The data in this case might be used by the script to generate the map of a video game. The data doesn't have to be used that way, though; maybe the map data is actually embedded in other parts of the page's markup, and the data block here is just used by the site's search engine to help users who are looking for particular features in their game maps.

The following sample shows how a script element can be used to define a function that is then used by other parts of the document. It also shows how a script element can be used to invoke script while the document is being parsed, in this case to initialise the form's output.

<script>
 function calculate(form) {
   var price = 52000;
   if (form.elements.brakes.checked)
     price += 1000;
   if (form.elements.radio.checked)
     price += 2500;
   if (form.elements.turbo.checked)
     price += 5000;
   if (form.elements.sticker.checked)
     price += 250;
   form.elements.result.value = price;
 }
</script>
<form name="pricecalc" onsubmit="return false" onchange="calculate(this)">
 <fieldset>
  <legend>Work out the price of your car</legend>
  <p>Base cost: £52000.</p>
  <p>Select additional options:</p>
  <ul>
   <li><label><input type=checkbox name=brakes> Ceramic brakes (£1000)</label></li>
   <li><label><input type=checkbox name=radio> Satellite radio (£2500)</label></li>
   <li><label><input type=checkbox name=turbo> Turbo charger (£5000)</label></li>
   <li><label><input type=checkbox name=sticker> "XZ" sticker (£250)</label></li>
  </ul>
  <p>Total: £<output name=result></output></p>
 </fieldset>
 <script>
  calculate(document.forms.pricecalc);
 </script>
</form>
4.12.1.1 Scripting languages

A user agent is said to support the scripting language if each component of the script block's type is an ASCII case-insensitive match for the corresponding component in the MIME type string of a scripting language that the user agent implements.

The following lists the MIME type strings that user agents must recognize, and the languages to which they refer:

"application/ecmascript"
"application/javascript"
"application/x-ecmascript"
"application/x-javascript"
"text/ecmascript"
"text/javascript"
"text/javascript1.0"
"text/javascript1.1"
"text/javascript1.2"
"text/javascript1.3"
"text/javascript1.4"
"text/javascript1.5"
"text/jscript"
"text/livescript"
"text/x-ecmascript"
"text/x-javascript"
JavaScript. [ECMA262]

User agents may support other MIME types for other languages, but must not support other MIME types for the languages in the list above. User agents are not required to support the languages listed above.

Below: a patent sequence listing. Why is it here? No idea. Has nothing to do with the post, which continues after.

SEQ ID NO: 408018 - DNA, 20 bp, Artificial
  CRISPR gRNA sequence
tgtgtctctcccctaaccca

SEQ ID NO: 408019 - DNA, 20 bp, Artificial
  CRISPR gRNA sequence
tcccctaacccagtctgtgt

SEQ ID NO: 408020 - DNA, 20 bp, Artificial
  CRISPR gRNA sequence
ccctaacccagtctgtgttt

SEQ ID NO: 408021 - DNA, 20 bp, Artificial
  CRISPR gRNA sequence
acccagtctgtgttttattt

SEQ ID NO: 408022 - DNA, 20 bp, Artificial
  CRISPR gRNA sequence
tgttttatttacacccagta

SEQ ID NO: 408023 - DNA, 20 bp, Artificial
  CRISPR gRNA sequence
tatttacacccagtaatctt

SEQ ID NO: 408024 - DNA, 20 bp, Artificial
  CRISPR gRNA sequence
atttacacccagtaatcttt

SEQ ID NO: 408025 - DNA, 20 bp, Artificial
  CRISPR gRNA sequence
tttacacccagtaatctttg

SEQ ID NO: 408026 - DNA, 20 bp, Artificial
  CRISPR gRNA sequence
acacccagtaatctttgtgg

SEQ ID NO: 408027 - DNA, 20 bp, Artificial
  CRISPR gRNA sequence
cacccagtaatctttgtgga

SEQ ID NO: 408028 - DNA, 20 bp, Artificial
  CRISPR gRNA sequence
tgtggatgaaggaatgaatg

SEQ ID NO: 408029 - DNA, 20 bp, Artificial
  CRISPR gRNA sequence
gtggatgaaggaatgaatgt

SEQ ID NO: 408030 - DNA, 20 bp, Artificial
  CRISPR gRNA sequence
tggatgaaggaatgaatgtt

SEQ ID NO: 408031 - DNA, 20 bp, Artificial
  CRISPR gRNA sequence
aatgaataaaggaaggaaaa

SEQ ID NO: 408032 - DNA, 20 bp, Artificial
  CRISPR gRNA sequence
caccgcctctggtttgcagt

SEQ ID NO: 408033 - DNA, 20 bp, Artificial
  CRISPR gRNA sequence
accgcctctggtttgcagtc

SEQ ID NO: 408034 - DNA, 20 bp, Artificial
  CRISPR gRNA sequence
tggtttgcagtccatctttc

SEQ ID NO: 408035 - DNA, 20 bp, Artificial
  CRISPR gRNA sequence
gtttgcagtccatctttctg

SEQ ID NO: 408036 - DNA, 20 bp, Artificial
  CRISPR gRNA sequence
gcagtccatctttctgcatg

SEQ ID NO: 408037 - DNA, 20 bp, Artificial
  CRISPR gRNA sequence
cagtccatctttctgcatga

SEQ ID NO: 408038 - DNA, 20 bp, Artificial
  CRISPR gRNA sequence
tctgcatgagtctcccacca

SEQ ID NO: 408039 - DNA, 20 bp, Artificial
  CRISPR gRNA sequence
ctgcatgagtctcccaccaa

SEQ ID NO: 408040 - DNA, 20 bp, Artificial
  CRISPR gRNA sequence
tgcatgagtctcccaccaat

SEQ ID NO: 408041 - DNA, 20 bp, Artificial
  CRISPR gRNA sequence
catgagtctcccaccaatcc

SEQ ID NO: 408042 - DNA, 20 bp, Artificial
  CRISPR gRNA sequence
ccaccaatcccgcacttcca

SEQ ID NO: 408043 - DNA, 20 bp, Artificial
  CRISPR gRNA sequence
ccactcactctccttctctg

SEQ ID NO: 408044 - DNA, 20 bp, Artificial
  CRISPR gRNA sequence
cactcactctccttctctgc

The following MIME types (with or without parameters) must not be interpreted as scripting languages:

These types are explicitly listed here because they are poorly-defined types that are nonetheless likely to be used as formats for data blocks, and it would be problematic if they were suddenly to be interpreted as script by a user agent.

When examining types to determine if they represent supported languages, user agents must not ignore MIME parameters. Types are to be compared including all parameters.

For example, types that include the charset parameter will not be recognised as referencing any of the scripting languages listed above.

4.12.1.2 Restrictions for contents of script elements

The easiest and safest way to avoid the rather strange restrictions described in this section is to always escape "<!--" as "<\!--", "<script" as "<\script", and "</script" as "<\/script" when these sequences appear in literals in scripts (e.g. in strings, regular expressions, or comments), and to avoid writing code that uses such constructs in expressions. Doing so avoids the pitfalls that the restrictions in this section are prone to triggering: namely, that, for historical reasons, parsing of script blocks in HTML is a strange and exotic practice that acts unintuitively in the face of these sequences.

The textContent of a script element must match the script production in the following ABNF, the character set for which is Unicode. [ABNF]

script        = outer *( comment-open inner comment-close outer )

outer         = < any string that doesn't contain a substring that matches not-in-outer >
not-in-outer  = comment-open
inner         = < any string that doesn't contain a substring that matches not-in-inner >
not-in-inner  = comment-close / script-open

comment-open  = "<!--"
comment-close = "-->"
script-open   = "<" s c r i p t tag-end

s             =  %x0053 ; U+0053 LATIN CAPITAL LETTER S
s             =/ %x0073 ; U+0073 LATIN SMALL LETTER S
c             =  %x0043 ; U+0043 LATIN CAPITAL LETTER C
c             =/ %x0063 ; U+0063 LATIN SMALL LETTER C
r             =  %x0052 ; U+0052 LATIN CAPITAL LETTER R
r             =/ %x0072 ; U+0072 LATIN SMALL LETTER R
i             =  %x0049 ; U+0049 LATIN CAPITAL LETTER I
i             =/ %x0069 ; U+0069 LATIN SMALL LETTER I